Summary of Job Demand Comments in Stress-Disequilibrium Theory paper

 SJWEH Suppl 2008, no 6 Stress–disequilibrium theory

 

Below is a selection of "demands-related comments" in the sections of the S-D theory paper enclosed – (Karasek, SJWEH suppl 6,Aug 2008.  This paper also introduces an outline of the new associationist” D/C model.

 

1. ... in the stress–disequilibrium theory, “control” is reinterpreted more broadly than in past demand–con­trol discussions. In the turbulent new context of the global economy, it means the person’s control over the strategies he or she has developed to maintain the stability of his or her “flows” (ie, flows of good, nourishing things: money flows in the door, rent flows out the door). What is important is that the input and output flows are in balance. Maintaining stability of flows for self and for families is always the major “control” challenge of adult lives. Thus “control” (decision latitude) is the freedom for people to act using their repertoire of skills within the social struc­tures in which they have made their main investments and have gained their major life-sustaining rewards.

Currently this scenario is made more complex by the fact that previously existing platforms of stability from outside are being undermined by global economic phenomena. People’s previous control strategies may not be enough to maintain equilibrium—large-scale or­ganizations develop new rules undermining the effective application of previous strategies. Without the ability to maintain high-level equilibriums, internal systems become unstable and devolve toward lower levels of functioning. Chronic disease develops via physiological deregulation.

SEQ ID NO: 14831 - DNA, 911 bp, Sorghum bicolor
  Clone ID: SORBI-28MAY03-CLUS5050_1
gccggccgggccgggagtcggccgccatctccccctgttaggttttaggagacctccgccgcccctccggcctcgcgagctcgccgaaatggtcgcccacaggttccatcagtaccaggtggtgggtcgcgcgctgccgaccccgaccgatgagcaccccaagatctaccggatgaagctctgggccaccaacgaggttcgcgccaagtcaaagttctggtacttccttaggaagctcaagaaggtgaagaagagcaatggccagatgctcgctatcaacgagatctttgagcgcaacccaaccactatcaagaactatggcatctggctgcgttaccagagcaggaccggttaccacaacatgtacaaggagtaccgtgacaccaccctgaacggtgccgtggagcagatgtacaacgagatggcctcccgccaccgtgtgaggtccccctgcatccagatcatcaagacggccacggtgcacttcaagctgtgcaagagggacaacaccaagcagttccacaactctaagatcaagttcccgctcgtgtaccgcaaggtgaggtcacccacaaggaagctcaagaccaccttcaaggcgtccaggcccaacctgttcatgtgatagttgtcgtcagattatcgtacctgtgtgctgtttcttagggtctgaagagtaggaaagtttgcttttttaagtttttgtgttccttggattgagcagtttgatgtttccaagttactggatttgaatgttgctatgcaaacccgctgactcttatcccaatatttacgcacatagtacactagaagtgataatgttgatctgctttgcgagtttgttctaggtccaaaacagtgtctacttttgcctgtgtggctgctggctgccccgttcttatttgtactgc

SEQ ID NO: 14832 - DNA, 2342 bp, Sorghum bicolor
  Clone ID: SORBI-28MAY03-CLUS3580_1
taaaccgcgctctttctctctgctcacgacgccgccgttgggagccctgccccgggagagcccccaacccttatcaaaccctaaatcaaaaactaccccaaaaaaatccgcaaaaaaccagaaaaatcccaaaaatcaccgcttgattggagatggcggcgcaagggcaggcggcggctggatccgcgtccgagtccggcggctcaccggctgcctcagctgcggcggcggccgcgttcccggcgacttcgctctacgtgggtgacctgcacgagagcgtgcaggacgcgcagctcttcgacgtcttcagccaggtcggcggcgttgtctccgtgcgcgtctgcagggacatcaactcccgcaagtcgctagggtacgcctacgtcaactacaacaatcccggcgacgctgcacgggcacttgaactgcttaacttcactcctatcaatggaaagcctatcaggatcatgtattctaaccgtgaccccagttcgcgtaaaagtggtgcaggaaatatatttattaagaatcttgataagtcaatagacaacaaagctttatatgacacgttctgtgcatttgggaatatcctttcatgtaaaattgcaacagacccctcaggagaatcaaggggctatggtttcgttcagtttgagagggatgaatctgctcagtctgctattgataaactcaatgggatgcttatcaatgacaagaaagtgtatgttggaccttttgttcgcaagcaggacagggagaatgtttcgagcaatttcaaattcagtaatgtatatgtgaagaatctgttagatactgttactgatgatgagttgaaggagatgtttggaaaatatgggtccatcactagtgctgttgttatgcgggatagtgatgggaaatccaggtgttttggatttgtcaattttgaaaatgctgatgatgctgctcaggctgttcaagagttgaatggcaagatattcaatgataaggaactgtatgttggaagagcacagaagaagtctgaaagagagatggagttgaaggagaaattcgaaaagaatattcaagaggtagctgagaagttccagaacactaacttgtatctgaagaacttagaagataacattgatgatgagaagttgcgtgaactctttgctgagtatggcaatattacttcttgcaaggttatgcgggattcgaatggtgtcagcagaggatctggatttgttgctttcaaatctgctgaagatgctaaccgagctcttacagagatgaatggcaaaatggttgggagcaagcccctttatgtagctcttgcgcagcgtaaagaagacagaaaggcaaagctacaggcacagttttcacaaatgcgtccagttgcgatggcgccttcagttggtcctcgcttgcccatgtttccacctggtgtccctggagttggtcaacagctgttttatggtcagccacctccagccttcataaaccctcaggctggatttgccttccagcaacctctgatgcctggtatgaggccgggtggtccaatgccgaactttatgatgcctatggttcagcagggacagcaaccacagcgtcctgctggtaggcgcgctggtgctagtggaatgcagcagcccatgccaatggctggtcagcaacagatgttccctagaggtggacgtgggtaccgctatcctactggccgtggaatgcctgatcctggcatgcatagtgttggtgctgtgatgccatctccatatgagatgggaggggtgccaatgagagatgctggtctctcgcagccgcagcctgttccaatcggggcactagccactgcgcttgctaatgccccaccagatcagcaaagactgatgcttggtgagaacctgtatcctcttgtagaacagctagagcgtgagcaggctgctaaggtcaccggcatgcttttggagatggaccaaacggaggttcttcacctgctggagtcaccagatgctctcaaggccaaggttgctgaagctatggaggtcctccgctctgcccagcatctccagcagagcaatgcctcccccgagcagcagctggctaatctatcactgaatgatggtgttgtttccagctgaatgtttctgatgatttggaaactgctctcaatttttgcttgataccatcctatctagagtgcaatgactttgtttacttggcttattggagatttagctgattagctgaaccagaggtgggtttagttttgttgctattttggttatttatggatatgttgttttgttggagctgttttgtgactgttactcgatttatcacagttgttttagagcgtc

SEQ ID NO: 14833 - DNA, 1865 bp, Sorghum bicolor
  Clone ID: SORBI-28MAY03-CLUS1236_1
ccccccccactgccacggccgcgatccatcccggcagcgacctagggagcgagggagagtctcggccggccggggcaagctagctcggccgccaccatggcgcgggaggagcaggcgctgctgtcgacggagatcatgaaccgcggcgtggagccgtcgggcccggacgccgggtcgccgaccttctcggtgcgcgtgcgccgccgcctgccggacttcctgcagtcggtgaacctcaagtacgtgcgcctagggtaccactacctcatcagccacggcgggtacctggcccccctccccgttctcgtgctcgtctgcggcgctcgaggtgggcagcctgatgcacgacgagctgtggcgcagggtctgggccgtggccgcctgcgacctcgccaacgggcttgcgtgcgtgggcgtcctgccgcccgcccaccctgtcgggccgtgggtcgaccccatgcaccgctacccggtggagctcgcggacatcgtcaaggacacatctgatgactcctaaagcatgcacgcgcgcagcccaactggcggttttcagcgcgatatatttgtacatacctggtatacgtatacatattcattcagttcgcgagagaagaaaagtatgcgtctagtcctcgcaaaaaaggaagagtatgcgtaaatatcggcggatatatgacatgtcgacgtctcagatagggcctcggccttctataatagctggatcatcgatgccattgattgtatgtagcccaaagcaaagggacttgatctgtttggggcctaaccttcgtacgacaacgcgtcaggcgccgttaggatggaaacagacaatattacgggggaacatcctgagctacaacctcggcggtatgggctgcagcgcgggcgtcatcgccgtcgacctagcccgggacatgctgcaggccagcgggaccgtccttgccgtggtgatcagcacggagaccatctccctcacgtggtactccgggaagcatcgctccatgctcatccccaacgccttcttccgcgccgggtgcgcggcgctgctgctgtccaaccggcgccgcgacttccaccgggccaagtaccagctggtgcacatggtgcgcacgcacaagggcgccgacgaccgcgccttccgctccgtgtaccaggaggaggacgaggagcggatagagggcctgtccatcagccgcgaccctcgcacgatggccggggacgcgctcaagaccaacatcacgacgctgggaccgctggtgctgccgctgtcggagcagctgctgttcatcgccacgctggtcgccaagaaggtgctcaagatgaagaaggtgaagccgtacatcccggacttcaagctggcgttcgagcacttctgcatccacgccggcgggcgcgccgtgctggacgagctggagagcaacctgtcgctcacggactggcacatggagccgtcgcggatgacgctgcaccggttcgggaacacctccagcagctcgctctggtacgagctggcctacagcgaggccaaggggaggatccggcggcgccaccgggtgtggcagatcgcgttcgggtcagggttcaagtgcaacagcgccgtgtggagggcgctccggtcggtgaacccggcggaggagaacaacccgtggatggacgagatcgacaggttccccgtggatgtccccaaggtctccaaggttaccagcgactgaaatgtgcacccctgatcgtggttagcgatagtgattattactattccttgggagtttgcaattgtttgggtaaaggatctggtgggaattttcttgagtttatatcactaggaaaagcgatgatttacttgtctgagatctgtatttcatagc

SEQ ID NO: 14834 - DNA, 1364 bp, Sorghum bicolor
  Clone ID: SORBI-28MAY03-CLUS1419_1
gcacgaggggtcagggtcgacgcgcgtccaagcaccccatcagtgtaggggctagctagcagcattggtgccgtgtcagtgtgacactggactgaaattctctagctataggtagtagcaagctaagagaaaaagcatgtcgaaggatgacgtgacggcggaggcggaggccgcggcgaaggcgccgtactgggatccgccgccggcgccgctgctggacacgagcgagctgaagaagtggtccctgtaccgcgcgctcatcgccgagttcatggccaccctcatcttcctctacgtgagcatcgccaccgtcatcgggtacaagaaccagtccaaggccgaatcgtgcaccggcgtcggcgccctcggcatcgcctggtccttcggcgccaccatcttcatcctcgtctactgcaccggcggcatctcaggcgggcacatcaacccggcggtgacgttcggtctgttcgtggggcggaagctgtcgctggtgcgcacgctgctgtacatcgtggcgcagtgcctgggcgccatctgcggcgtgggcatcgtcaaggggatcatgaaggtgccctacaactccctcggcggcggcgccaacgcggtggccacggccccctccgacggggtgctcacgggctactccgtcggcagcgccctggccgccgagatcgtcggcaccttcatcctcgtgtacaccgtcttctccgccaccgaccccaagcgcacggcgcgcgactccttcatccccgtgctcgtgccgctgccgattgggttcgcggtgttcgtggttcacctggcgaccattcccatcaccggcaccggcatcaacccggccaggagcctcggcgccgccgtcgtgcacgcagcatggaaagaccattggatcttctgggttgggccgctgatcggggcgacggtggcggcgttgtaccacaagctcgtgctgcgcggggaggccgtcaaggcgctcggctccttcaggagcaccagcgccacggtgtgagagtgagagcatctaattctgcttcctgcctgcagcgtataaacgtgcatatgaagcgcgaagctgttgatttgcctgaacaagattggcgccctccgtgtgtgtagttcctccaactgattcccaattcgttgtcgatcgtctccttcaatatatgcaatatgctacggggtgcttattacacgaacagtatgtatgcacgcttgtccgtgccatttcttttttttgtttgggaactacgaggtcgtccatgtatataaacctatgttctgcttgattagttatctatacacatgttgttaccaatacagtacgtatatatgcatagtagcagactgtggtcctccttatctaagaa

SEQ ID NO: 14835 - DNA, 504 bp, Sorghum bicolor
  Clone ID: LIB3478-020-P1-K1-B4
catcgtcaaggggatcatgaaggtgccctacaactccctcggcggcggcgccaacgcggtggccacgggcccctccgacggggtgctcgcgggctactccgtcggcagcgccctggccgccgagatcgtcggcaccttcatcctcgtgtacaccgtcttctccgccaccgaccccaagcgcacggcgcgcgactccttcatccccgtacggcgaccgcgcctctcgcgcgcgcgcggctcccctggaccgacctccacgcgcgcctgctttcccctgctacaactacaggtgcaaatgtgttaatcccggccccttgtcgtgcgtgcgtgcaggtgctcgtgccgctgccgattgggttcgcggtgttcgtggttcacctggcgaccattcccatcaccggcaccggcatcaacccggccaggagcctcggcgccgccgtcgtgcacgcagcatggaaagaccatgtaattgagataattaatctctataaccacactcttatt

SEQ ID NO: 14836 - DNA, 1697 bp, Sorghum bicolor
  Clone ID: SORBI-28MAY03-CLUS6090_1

This new perspective also brings with it a somewhat modified perspective of “demands.” Since no complex organisms exist without flows, a continual input and out­put of energy (nutrients, money, etc) from their environ­ments, none exist without demands. None are therefore either truly “stable” (truly stable forms are dead). What could be stable, then, is the constancy of “flows.” The in­ternal conditions these flows create, and the consistency of the actions the organism takes in its environment to maintain its flows—these could be stable ( p. 119).

 

2. ...“Work” is defined as the purposeful and precise organization of the actions of the organism to meet unpredictable demands for action from the environment (external work). The definition is applicable in both physical and social science contexts. This definition emphasizes that the response of the organism to the environment must be precise. The magnitude of work depends on the amount of ordered energy transferred by the organism (system) to the environment (also how work is defined in physics). In no case is energy transferred without order considered to be “work”—or likely to be useful for the organism. These requirements mean that the degrees of freedom of response available to the organism for ef­fective performance can be small—and can reduce the flexibility of action. Precise and effective action in the external environment requires coordination of internal physiological and behavioral capabilities. This precise coordination is a different challenge than that of using muscles to lift weights. It is “order­ing work,” related to the Second Law of Thermody­namics.  (p. 122/3).

 

3. The traditional demand–control “demands” remain relevant, in that high- or low-level job demands can still be defined, their nature and frequency still assessed, and they can still affect health as previously hypothesized, but the perspective of “quantitative demands” now needs further specification, and, as seen later, there can be many levels of demands to be considered simultaneously. (p. 122).